It feels like just yesterday we were reading about what's coming in Laravel 6. And here we are today, learning about what's new in Laravel 8! 🤯

Whether you're getting started with Laravel or just want to check out the latest and greatest, keep on reading.

Laravel Jetstream

Laravel Jetstream, the new Laravel application scaffolding, was released with the new version of Laravel.

Jetstream provides a fantastic starting point for your Laravel applications with the following built-in options:

Laravel Jetstream Livewire installation

How to use Laravel Jetstream

You can create a new application with Jetstream using the Laravel installer. Make sure the Laravel installer is updated to v4.0, and then run the following:

laravel new your-project --jet

Choose which stack you want to use: Livewire or Inertia. Next, run your database migrations with:

php artisan migrate

Finally, see your application at http://localhost:8000 by running:

php artisan serve

And now, you're ready to explore your new Laravel Jetstream application!

If you'd prefer to use Composer, you can find the Composer installation instructions in the Laravel Jetstream documentation.

Models Updates

Welcome back, Models directory!

The app/Models directory is back! Years ago, when Laravel 5 launched, a lot of developers noticed the Models directory was missing. Instead, new models were created directly in the app directory. Surprisingly, this caused quite the uproar in the community. You could still manually create the folder, and a lot of developers did, but it was considered an extra nuisance by some.

With Laravel 8, the beloved app/Models directory has been restored! If you prefer the old structure, you can always modify your codebase to remove the Models directory again.

Model factory classes

Taylor Otwell spent some time rewriting the Eloquent model factories as classes.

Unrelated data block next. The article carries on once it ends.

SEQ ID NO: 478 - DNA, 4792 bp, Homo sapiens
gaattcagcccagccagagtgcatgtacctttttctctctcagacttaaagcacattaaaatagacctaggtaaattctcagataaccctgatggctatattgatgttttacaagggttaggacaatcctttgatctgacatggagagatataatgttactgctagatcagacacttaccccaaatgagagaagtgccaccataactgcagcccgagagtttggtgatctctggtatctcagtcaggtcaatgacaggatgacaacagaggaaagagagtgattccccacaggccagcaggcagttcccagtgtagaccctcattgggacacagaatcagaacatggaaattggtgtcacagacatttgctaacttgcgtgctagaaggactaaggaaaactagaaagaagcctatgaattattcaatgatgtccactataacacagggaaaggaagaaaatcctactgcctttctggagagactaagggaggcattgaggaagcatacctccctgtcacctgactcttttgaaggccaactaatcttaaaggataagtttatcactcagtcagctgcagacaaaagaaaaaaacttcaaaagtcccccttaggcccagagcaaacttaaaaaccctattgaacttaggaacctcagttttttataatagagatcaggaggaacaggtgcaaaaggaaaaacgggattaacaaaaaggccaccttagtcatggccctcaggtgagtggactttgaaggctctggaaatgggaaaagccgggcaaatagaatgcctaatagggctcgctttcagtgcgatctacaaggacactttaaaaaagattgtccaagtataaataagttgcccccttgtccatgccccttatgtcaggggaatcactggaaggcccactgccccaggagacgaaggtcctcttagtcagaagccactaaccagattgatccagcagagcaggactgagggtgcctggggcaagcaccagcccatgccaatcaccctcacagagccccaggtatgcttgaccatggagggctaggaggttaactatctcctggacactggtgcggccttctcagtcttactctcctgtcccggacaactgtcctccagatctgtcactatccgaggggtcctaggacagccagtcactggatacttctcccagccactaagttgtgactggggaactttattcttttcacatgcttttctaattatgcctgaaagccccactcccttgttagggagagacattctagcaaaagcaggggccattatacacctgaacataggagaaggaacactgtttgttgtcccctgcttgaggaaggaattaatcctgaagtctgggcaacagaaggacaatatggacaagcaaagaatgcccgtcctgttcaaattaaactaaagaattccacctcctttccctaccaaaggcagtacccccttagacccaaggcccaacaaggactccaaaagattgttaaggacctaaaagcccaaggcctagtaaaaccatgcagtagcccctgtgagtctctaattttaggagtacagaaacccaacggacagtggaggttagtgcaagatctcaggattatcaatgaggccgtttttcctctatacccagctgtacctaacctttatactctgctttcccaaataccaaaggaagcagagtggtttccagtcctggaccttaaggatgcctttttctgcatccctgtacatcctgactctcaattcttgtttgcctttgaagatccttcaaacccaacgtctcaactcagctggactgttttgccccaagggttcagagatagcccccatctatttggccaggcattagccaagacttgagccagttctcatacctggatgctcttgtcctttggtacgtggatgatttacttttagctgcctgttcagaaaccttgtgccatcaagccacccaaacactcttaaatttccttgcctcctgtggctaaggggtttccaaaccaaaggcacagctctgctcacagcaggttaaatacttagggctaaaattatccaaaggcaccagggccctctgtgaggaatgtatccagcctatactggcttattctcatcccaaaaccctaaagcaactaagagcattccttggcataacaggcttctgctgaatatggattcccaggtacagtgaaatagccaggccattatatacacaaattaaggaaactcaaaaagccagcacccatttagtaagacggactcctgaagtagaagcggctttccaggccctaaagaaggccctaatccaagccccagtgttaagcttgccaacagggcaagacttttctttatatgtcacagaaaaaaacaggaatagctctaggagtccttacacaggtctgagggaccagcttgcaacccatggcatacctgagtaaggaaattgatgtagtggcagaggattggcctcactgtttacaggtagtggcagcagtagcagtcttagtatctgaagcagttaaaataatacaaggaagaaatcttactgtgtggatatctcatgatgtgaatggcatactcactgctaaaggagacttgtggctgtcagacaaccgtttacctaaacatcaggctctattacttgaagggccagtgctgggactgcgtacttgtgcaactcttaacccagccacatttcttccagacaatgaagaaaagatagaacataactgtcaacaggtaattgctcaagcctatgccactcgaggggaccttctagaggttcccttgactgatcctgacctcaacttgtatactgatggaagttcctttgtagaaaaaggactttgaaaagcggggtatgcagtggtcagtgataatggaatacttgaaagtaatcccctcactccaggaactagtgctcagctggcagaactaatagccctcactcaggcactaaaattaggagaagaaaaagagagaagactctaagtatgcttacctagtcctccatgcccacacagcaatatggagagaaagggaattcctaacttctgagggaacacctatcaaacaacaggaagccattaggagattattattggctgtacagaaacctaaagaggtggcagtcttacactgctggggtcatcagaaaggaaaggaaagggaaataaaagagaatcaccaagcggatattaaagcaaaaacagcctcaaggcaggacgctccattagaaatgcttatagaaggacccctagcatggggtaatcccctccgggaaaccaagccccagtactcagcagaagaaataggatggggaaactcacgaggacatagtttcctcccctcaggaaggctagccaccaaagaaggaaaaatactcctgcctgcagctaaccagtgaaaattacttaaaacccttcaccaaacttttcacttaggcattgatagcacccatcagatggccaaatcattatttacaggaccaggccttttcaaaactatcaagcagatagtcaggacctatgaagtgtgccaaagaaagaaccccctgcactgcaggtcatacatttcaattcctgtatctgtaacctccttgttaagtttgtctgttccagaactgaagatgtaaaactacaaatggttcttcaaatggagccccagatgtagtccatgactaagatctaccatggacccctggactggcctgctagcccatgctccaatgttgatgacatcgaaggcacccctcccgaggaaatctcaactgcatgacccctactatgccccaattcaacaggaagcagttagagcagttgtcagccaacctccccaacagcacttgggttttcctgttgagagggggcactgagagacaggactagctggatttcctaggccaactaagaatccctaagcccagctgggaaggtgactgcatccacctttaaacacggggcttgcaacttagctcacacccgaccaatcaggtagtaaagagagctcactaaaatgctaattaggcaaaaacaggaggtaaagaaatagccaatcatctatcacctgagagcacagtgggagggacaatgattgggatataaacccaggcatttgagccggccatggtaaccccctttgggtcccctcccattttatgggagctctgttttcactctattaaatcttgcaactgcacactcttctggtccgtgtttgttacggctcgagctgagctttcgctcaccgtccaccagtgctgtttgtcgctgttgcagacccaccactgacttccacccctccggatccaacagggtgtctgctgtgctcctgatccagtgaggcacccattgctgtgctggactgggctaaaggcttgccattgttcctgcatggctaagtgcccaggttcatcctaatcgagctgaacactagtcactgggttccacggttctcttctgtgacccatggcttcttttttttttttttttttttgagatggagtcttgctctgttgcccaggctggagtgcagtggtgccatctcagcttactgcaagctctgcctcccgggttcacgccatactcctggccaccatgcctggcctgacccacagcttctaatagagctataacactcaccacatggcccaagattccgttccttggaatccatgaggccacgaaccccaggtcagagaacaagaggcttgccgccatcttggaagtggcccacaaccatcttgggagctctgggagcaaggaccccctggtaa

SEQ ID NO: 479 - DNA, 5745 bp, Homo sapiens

Let's compare the changes by looking at the default User factories from both Laravel 7 and 8.

User factory in Laravel 7.x:

// database/factories/UserFactory.php

use Faker\Generator as Faker;
use Illuminate\Support\Str;

$factory->define(App\User::class, function (Faker $faker) {
    return [
        'name' => $faker->name,
        'email' => $faker->unique()->safeEmail,
        'email_verified_at' => now(),
        'password' => '$2y$10$92IXUNpkjO0rOQ5byMi.Ye4oKoEa3Ro9llC/.og/at2.uheWG/igi', // password
        'remember_token' => Str::random(10),
    ];
});

User factory in Laravel 8:

// database/factories/UserFactory.php

namespace Database\Factories;

use App\Models\User;
use Illuminate\Database\Eloquent\Factories\Factory;
use Illuminate\Support\Str;

class UserFactory extends Factory
{
    /**
     * The name of the factory's corresponding model.
     *
     * @var string
     */
    protected $model = User::class;

    /**
     * Define the model's default state.
     *
     * @return array
     */
    public function definition()
    {
        return [
            'name' => $this->faker->name,
            'email' => $this->faker->unique()->safeEmail,
            'email_verified_at' => now(),
            'password' => '$2y$10$92IXUNpkjO0rOQ5byMi.Ye4oKoEa3Ro9llC/.og/at2.uheWG/igi', // password
            'remember_token' => Str::random(10),
        ];
    }
}

In Laravel 8, factories are now classes that extend the base Laravel factory class. Glancing at the default file, you'll see the model property and definition method. The definition method then returns the model attributes.

Compare this to Laravel 7 and below, where the UserFactory is defined with a Closure and returns the specified model attributes.